The Truth Board

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The Truth About the Fact: An International Journal of Literary Nonfiction

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The Truth About the Fact: A Journal of Literary Nonfiction is an international journal committed to the idea that excellence in the art of letters can play a vital role in transforming the planet we share.

Friday, March 1, 2013

Toy Story

              I never thought I would miss being a child the way I miss it today.  Yes, I am very happy for meeting many people whom I’ve grown to love but I wouldn’t mind reliving the joyous events I experienced as a child even if it was just for one minute, a minute where I didn’t have to worry about studying, work, loans…anything that worries me today.   I would be able to stay up all night playing video games with my older brother, teach my baby brother to take his first steps and play dolls the way I’d imagine every girl’s life should be like.  I would have never met Depression and disastrous world issues wouldn’t affect me my perfect Barbie world.
            “Oh my God, I’m gonna watch Toy Story where the toys talk and move!” I thought to myself.  I was six-years-old and like everyone else in my first grade class I had never seen anything like it.  “Was it a cartoon or robots?”  I continued wondering what kind of movie it was and how the creators made it look so “real”.  Andy was the young boy who owned Woody and Buzz Lightyear (his favorite toys).  I thought of myself to be just like him.  He moved to a new house, I moved to a new house, he has a lot of toys, I have a lot of toys, he has a young baby sibling and I have a baby brother.  We have so much in common!  I continued to compare myself to Andy and how we had the same age and how our imagination seemed to relate to one another.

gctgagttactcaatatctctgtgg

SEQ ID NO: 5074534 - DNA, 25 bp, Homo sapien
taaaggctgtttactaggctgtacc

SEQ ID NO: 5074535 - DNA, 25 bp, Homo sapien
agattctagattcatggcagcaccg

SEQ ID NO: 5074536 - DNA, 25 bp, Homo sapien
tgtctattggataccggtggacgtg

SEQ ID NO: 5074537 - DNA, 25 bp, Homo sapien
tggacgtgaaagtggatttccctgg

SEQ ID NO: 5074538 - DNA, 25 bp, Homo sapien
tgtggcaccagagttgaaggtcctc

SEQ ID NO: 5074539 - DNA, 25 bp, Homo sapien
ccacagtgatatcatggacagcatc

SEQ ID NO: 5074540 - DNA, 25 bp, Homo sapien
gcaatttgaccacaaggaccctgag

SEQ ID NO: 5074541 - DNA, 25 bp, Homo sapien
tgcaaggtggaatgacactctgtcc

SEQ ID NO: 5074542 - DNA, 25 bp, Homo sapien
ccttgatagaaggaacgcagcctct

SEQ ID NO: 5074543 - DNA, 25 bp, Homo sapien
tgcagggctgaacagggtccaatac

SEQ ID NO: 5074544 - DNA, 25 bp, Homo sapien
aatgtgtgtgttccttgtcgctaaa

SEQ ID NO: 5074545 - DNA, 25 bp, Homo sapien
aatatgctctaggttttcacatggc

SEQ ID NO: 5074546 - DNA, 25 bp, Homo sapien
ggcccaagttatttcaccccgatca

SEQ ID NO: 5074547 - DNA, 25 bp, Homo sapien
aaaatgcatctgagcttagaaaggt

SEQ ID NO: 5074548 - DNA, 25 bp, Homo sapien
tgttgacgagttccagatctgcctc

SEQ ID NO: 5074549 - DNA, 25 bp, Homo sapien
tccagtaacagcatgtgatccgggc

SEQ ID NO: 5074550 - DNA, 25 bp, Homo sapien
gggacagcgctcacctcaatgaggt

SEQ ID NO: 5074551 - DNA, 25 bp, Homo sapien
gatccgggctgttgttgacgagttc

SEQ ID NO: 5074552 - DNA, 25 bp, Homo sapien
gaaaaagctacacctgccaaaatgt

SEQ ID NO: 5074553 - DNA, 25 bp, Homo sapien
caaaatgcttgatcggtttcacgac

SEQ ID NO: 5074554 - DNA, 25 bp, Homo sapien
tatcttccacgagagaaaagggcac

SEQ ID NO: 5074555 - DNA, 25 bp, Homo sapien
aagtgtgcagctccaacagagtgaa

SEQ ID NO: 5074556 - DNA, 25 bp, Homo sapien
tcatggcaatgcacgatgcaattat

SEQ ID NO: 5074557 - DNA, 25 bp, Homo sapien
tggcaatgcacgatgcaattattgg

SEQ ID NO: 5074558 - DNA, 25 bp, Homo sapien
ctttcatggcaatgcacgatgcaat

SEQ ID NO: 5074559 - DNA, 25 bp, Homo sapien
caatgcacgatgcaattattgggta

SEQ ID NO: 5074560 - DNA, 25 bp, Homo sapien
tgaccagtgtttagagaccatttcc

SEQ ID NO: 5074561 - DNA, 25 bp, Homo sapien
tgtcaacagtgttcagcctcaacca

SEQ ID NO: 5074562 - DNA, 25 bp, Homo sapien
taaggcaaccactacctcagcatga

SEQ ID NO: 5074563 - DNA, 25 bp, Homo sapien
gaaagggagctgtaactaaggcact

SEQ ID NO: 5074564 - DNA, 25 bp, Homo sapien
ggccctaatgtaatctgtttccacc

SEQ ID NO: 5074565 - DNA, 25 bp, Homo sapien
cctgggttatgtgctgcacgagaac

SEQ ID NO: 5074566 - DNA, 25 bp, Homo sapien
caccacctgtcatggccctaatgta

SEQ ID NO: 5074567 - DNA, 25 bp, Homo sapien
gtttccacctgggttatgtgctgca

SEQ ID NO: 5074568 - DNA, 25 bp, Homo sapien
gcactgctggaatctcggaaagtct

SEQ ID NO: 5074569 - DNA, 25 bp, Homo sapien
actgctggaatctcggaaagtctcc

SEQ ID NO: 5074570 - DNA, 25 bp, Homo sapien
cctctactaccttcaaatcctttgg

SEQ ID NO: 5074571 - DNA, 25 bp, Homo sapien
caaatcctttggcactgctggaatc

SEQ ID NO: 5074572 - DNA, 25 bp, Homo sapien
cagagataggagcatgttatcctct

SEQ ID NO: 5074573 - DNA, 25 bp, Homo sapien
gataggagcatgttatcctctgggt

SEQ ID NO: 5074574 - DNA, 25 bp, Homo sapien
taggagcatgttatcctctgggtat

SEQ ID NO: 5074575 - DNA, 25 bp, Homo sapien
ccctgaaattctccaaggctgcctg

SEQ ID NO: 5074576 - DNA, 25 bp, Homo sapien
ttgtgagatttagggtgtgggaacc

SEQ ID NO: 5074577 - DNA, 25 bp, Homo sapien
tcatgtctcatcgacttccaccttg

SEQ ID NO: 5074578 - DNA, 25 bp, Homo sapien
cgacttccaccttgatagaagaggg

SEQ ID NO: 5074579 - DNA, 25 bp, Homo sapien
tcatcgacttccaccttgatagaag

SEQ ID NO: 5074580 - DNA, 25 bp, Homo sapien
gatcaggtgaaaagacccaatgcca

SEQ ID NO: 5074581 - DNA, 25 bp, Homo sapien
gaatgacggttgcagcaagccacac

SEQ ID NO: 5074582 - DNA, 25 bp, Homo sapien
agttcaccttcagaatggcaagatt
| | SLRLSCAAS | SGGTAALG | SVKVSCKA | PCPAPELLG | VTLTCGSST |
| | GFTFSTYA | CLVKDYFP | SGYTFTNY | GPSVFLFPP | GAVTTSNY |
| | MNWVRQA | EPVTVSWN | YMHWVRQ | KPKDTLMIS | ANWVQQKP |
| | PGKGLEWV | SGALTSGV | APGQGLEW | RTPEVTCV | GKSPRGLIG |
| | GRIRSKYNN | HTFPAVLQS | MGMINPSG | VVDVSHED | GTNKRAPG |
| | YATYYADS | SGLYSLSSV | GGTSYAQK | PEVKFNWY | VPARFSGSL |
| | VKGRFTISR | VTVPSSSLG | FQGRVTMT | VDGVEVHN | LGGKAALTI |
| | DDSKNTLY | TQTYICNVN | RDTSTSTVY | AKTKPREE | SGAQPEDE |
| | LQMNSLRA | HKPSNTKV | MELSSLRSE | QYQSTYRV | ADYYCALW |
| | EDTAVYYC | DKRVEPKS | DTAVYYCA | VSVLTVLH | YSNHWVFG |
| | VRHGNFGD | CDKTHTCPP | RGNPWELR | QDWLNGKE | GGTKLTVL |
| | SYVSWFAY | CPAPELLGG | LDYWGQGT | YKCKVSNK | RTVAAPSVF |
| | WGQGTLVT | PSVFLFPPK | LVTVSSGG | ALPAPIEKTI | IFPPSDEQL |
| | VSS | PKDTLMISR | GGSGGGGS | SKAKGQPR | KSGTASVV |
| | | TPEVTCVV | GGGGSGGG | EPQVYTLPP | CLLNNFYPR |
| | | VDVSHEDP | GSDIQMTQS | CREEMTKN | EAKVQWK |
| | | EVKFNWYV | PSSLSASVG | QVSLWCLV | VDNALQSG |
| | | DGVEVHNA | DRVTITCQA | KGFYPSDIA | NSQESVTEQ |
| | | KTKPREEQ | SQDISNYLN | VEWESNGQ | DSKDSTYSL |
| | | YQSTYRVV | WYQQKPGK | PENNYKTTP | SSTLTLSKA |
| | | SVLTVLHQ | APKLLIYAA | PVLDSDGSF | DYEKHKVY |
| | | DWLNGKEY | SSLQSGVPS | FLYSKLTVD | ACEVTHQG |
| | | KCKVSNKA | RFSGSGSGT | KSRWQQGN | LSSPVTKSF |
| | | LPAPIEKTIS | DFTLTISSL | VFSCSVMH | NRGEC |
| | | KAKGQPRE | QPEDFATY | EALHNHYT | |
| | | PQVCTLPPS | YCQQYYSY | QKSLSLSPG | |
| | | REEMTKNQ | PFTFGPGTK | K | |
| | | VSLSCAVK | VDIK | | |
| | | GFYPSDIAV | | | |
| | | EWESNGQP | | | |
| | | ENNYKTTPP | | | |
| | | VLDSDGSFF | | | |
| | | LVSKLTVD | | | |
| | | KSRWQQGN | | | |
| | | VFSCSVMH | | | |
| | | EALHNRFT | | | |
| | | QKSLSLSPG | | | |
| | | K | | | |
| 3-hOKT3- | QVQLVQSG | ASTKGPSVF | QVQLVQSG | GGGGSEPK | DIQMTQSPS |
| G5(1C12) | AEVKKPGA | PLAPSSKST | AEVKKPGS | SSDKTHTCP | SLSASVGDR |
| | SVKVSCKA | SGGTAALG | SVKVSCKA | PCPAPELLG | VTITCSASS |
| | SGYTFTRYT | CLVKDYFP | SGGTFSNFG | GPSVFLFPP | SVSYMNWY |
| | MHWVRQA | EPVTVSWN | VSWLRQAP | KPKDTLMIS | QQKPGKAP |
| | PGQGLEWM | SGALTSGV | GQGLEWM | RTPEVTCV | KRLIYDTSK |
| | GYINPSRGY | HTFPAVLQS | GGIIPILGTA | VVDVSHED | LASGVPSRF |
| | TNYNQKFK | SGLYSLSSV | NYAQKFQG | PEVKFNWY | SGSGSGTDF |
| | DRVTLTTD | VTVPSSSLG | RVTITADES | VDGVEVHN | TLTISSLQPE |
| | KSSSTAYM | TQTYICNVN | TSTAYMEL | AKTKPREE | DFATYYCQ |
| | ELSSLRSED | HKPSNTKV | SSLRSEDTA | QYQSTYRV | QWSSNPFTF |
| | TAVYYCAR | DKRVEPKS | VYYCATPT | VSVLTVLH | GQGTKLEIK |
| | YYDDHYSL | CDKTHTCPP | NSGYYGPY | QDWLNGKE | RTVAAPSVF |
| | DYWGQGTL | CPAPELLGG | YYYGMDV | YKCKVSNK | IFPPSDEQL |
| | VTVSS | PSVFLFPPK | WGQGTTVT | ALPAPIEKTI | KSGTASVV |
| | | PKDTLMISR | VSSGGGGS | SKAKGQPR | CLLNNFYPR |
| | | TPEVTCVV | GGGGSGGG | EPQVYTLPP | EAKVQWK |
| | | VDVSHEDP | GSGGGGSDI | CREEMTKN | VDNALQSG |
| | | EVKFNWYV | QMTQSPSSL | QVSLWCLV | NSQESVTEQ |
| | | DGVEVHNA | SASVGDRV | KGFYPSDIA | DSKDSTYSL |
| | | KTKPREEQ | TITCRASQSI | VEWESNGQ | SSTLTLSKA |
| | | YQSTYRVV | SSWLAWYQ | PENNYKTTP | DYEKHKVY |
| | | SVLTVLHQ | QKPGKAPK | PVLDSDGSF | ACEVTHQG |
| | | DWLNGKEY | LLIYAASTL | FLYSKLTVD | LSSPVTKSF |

Fourteen years later…
            “Wow, Toy Story 3. This is gonna be awesome!” I told my brother as we began to walk into the cinema.  The movie is about growing up and how Andy has to leave for college.  He is packing all his old stuff including his toys except for Woody (his number one toy) who he wants to take to college.  Andy eventually decides to give Woody up to a little girl who grew fond of the toy.  Before Andy sets off into the sunset he looks over all the toys he has given the little girl and whispers, “Thanks guy.”  I’m already in tears after he hands Woody over and I begin to cry even more after Woody says, “So long, partner” and Andy begins to drive away.  My younger brother looked at me and asked, “Dude. Why are you crying?” I couldn’t stop myself from crying and felt I couldn’t completely explain to him my feelings.  He didn’t grow up alongside Andy.  He didn’t watch the first movie where Andy was my age and he didn’t understand what heading off to college meant.  He didn’t understand that I was Andy. 
Though it was nice to see all those animated toys again I was devastated in the end because I felt as though it symbolized the end of my childhood even though I was already in my 20s.  I guess it brought me to tears because I felt as though I was Andy heading off into adulthood.   Even though my childhood has long been over I never quite accepted adulthood until Andy drove away.  


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